Clean Fraud

What Is Clean Fraud?

Clean fraud involves fraudulent transactions that don’t get easily detected because they appear extremely legitimate. These methods often use real data which has been stolen or otherwise acquired by a third party. However, clean fraud is an umbrella term and can take many forms. 

For instance, a criminal steals someone’s credit card and personal details. Then, they use these to defraud online retailers out of cash or valuable goods. 

For all intents and purposes, the cybercriminal looks like a legitimate customer, so the merchant is likely to believe the claim and demonstrate goodwill. 

Since clean fraud uses unique data that appears genuine, it is much more difficult for both algorithms and humans to flag.

How Does Clean Fraud Work?

Clean fraud is almost always financial in nature and targets ecommerce and other merchants, together with the use of bank cards and/or online payment methods.

A simple clean fraud scenario is:

  1. A cybercriminal gains access to someone’s account on an eshop website.
  2. Pretending to be the known and trusted user, they claim an item ordered was never delivered, and they want a refund.
  3. The merchant looks into the claim and assesses it.
  4. Though the item was delivered to the legitimate customer, the merchant cannot know this in most cases – and believes the claim due to their prior relationship.
  5. The merchant refunds the criminal’s payment method or provides a gift card to be used fraudulently.

In such a scenario, the merchant has a pre-existing relationship with the cardholder and/or customer, which means they are likely to consider them trustworthy. This means the merchant is more likely to take their word for the claim of a missing or faulty item, or a non-processed refund.


Examples of Clean Fraud

There are several types of clean fraud, sometimes simple and others more sophisticated. In fact, ecommerce fraud and ecommerce-adjacent fraud is projected to cause losses of over USD 20bn in 2021, rising from USD 17.5bn in 2020, according to Juniper Research. 

Here are just a few:

  1. Friendly fraud: Types of clean fraud committed by legitimate users/shoppers, these can often be opportunistic in nature. For instance:
    • cancelled order fraud
    • non-delivery fraud
    • return fraud
    • chargeback fraud 
  2. First-party fraud: When the fraudster provides false personal information when applying for a product (often a payment card) but does not pretend to be someone else. For instance:
  3. Fraud by false claim: Taking advantage of the chargeback process of bank and payment cards to defraud companies into paying money.
  4. Account takeover (ATO) fraud: Fraud committed by someone who gains access to an account and poses as a genuine customer to make unauthorized transactions.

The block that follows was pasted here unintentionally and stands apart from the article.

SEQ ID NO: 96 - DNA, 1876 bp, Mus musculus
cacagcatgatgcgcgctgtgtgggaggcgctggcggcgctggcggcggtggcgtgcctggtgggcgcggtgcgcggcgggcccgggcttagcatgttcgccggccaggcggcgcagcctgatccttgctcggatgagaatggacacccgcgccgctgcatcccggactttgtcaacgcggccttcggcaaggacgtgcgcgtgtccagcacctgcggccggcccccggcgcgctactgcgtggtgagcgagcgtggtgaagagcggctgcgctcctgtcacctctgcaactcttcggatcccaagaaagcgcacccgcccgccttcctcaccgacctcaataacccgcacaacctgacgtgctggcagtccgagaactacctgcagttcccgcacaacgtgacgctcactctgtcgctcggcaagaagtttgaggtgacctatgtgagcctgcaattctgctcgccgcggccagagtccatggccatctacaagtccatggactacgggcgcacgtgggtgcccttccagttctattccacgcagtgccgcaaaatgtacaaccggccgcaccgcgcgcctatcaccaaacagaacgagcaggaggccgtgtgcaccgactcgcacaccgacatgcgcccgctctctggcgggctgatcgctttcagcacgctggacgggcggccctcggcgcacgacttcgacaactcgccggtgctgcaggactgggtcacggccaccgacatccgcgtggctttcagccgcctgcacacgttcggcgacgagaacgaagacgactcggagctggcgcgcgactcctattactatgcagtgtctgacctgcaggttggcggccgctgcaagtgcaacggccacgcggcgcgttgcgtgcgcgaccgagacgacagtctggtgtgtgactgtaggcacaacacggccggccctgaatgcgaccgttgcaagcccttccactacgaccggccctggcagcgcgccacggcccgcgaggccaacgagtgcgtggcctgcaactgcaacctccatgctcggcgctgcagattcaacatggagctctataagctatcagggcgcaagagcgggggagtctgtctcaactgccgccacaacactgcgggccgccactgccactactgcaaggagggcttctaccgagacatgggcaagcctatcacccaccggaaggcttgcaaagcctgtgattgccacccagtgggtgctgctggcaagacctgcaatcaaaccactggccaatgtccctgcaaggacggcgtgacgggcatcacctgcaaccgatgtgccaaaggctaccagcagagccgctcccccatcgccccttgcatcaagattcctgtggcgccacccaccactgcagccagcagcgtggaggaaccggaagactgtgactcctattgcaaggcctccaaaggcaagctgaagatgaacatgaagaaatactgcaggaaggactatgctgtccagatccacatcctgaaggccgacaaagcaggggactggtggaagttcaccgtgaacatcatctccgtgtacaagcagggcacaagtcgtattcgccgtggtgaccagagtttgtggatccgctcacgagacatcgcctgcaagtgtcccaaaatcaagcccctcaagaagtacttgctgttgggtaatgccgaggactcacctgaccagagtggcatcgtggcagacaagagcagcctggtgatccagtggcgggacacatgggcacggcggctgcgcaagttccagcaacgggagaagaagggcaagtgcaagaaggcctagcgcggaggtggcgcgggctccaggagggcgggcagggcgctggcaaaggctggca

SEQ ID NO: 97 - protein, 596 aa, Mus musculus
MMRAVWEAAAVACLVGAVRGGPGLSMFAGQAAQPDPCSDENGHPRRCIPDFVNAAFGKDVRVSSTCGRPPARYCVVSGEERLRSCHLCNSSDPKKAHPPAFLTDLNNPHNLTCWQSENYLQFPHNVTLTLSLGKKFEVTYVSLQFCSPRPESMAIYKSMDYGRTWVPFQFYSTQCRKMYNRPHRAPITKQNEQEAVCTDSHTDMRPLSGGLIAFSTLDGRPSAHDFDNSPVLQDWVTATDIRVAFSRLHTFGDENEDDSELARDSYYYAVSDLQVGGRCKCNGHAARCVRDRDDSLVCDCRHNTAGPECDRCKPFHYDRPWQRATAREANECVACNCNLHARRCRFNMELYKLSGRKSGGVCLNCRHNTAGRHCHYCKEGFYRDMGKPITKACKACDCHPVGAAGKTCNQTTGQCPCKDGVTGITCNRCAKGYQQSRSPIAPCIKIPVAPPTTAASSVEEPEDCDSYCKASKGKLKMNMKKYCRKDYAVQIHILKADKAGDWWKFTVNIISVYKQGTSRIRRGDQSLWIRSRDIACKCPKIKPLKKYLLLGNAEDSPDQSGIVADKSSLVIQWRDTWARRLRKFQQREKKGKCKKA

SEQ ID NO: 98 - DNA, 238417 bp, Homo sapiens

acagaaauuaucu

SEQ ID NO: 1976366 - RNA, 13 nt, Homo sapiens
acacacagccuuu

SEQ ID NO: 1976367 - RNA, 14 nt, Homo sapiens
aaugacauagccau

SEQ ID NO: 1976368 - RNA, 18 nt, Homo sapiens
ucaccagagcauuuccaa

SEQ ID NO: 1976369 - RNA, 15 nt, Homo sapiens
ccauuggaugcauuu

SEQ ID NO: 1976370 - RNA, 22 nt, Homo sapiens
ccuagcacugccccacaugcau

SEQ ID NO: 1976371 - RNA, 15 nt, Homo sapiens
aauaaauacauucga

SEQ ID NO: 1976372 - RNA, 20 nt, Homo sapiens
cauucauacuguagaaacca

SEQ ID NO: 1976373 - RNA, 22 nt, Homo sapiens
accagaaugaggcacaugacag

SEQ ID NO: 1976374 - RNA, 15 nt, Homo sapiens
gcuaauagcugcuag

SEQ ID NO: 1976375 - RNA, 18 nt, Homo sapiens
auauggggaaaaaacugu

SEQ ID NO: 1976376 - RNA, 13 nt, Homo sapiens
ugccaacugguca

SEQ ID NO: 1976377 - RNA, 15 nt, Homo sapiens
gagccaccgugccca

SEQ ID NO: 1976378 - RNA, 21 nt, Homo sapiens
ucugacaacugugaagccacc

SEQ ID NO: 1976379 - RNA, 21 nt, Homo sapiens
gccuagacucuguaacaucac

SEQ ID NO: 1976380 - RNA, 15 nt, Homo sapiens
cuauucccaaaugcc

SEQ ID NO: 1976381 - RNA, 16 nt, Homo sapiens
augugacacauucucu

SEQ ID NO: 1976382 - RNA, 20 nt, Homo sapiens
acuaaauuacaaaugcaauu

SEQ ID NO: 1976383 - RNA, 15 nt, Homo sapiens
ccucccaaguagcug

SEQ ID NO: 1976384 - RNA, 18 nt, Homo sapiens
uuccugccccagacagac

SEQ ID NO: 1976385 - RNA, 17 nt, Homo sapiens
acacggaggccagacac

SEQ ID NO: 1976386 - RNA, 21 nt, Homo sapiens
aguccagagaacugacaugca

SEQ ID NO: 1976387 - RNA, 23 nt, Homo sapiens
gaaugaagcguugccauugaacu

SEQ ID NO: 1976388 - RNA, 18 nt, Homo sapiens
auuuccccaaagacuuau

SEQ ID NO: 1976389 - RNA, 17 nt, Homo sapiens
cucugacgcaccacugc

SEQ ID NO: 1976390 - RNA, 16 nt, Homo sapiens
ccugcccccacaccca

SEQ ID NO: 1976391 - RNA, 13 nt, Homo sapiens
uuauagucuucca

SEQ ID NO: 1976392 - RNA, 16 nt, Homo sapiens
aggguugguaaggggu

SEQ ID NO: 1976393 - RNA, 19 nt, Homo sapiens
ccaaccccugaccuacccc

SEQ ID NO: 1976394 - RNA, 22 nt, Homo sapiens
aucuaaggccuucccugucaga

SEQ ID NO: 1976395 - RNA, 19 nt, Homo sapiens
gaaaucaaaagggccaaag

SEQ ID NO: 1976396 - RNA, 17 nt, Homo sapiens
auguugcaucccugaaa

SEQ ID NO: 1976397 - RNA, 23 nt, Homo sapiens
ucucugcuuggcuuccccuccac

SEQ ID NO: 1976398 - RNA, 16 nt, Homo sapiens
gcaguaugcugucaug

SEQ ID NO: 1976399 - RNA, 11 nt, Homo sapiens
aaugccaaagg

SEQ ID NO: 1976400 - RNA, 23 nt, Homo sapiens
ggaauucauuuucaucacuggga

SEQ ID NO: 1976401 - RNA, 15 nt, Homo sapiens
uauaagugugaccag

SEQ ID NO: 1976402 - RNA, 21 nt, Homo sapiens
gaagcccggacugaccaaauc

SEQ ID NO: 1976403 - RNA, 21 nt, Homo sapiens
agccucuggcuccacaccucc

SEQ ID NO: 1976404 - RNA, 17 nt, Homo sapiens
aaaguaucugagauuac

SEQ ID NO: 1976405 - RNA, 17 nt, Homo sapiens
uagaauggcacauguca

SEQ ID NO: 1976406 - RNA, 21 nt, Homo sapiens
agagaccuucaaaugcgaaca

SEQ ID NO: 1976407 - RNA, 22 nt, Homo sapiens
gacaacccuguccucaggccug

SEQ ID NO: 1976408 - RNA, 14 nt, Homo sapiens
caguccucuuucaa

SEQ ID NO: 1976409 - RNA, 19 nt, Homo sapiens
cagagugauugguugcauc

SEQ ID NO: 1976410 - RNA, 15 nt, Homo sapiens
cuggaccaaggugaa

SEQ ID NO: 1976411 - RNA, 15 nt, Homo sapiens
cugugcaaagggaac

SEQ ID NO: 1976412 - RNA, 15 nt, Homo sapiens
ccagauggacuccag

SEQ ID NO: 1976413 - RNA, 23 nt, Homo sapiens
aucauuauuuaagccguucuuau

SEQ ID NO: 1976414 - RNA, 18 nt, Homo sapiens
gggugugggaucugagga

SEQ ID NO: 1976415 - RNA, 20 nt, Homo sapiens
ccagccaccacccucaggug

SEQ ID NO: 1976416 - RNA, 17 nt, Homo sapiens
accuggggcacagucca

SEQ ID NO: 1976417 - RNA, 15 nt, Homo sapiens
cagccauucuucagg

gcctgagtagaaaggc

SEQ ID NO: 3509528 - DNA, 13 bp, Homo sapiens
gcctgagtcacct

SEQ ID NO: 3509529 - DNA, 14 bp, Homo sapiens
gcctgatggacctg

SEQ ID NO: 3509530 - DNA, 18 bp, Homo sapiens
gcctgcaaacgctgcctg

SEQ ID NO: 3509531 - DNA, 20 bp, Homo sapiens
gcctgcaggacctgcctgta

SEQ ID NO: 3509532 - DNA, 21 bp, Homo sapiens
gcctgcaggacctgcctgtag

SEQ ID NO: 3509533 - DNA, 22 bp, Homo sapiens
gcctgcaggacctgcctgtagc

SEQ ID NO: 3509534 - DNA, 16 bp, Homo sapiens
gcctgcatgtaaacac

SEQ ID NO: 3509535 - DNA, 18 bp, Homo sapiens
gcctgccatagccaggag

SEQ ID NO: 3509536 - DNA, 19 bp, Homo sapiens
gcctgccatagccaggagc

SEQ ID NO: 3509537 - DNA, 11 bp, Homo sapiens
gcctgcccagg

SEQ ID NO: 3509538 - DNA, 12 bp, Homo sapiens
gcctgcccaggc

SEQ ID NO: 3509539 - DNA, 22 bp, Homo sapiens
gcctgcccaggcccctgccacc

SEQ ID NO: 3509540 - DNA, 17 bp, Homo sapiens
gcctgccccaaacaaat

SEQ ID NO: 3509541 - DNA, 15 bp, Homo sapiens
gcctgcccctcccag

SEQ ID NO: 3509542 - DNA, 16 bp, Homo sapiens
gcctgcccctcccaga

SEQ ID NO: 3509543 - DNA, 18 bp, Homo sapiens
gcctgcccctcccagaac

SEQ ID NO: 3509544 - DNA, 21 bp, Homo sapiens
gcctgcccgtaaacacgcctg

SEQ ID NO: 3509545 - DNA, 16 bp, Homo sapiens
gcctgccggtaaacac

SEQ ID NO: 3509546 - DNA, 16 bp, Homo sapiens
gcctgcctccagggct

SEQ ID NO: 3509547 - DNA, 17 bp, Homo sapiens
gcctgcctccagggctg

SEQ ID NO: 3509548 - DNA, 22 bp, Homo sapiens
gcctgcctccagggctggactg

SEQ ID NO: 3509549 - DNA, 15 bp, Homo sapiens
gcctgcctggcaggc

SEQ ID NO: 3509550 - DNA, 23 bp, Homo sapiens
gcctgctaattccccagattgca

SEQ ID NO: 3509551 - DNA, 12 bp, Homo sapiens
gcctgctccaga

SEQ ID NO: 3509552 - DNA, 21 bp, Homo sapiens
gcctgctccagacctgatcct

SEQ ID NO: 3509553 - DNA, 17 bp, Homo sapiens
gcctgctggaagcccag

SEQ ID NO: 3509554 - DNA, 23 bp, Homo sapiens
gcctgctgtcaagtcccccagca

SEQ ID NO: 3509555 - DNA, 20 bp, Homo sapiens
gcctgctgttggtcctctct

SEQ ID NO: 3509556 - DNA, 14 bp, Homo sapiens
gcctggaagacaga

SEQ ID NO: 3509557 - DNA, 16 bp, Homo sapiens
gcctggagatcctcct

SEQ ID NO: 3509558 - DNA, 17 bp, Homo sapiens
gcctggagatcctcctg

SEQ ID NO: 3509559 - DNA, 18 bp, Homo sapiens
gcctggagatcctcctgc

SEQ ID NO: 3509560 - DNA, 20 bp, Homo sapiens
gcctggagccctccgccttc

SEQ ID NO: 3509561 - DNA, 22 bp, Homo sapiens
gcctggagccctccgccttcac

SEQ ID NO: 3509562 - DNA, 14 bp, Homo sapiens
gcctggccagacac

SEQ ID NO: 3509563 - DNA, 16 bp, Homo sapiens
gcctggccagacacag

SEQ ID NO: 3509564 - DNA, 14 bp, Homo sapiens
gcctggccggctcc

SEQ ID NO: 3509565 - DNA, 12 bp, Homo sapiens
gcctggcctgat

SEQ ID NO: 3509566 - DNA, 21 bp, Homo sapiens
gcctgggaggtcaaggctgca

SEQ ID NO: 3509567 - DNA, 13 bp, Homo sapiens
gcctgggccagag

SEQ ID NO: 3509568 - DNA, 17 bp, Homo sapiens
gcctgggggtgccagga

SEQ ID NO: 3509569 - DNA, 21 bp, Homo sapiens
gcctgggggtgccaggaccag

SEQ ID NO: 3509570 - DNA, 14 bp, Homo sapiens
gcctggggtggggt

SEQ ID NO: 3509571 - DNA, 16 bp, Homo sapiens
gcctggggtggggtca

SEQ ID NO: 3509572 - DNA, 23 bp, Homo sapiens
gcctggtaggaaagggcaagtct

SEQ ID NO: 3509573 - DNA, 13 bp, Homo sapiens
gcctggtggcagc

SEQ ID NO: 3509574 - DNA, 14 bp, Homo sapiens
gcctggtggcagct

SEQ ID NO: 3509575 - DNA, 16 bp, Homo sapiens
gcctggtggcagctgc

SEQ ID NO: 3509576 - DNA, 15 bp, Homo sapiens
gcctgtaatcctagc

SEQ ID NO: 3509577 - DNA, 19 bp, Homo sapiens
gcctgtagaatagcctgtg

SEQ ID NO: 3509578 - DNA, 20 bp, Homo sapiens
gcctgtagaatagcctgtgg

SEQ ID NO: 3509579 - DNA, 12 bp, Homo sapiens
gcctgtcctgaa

The above is by no means an exhaustive list and, as it happens with all cybercrime, new methods continue to be invented – with fraud fighters frequently updating their solutions and strategies, too. 


How to Avoid Clean Fraud

A wide range of cardholder identity verification tools are used to avoid clean fraud. 

Merchants are advised to keep up to date with safeguards put in place by card issuers to bolster the likelihood that the card is being used legitimately by the rightful owner. 

For example, requesting the CVV number next to the cardholder’s signature. Further, 2FA and MFA measures are increasingly requested both by merchants for access to eshop accounts, and by payment approvers when paying online.

A very small business owner who trades online might be able to pick up inconsistencies in shipping addresses or other information. However, this strategy does not scale up – and is unreliable to begin with. 

Instead, complete fraud detection products make use of what we know already, identifying patterns in historical cases of clean fraud in the market at large, in the sector and on each individual eshop who adopts the technology. Even successful new incidents of clean fraud provide valuable information on the methods used, helping fine-tune and strengthen future defenses. 

Based on configurable decision trees, fraud risk scores are calculated. Fraud analysts can then choose to contact any customer whose moves appear suspicious at the manual review stage, for confirmation of their identity and activity.


How to Detect Clean Fraud 

Some ways in which to spot clean fraud include:

As you can see, clean fraud can come in several forms. In fact, it is difficult to detect by definition because it evades traditional anti-fraud tools, detection algorithms and methods. 

However, clean fraud can come with inconsistencies and missing customer credentials. Sometimes, detection is down to requesting more personal data from one’s customers, including information that is not traditionally sold along with stolen card credentials. AVS and CVV requests, for instance.

Solutions such as data enrichment can help decide whether someone is who they claim to be, while more comprehensive monitoring of financial transactions can make use of machine learning and artificial intelligence to flag suspicious patterns of various types.

As always, the best clean fraud detection solution for each organization depends on their industry, size and other factors. 

Sources

Juniper Research: Ecommerce losses to online payment fraud to exceed $20 billion annually in 2021

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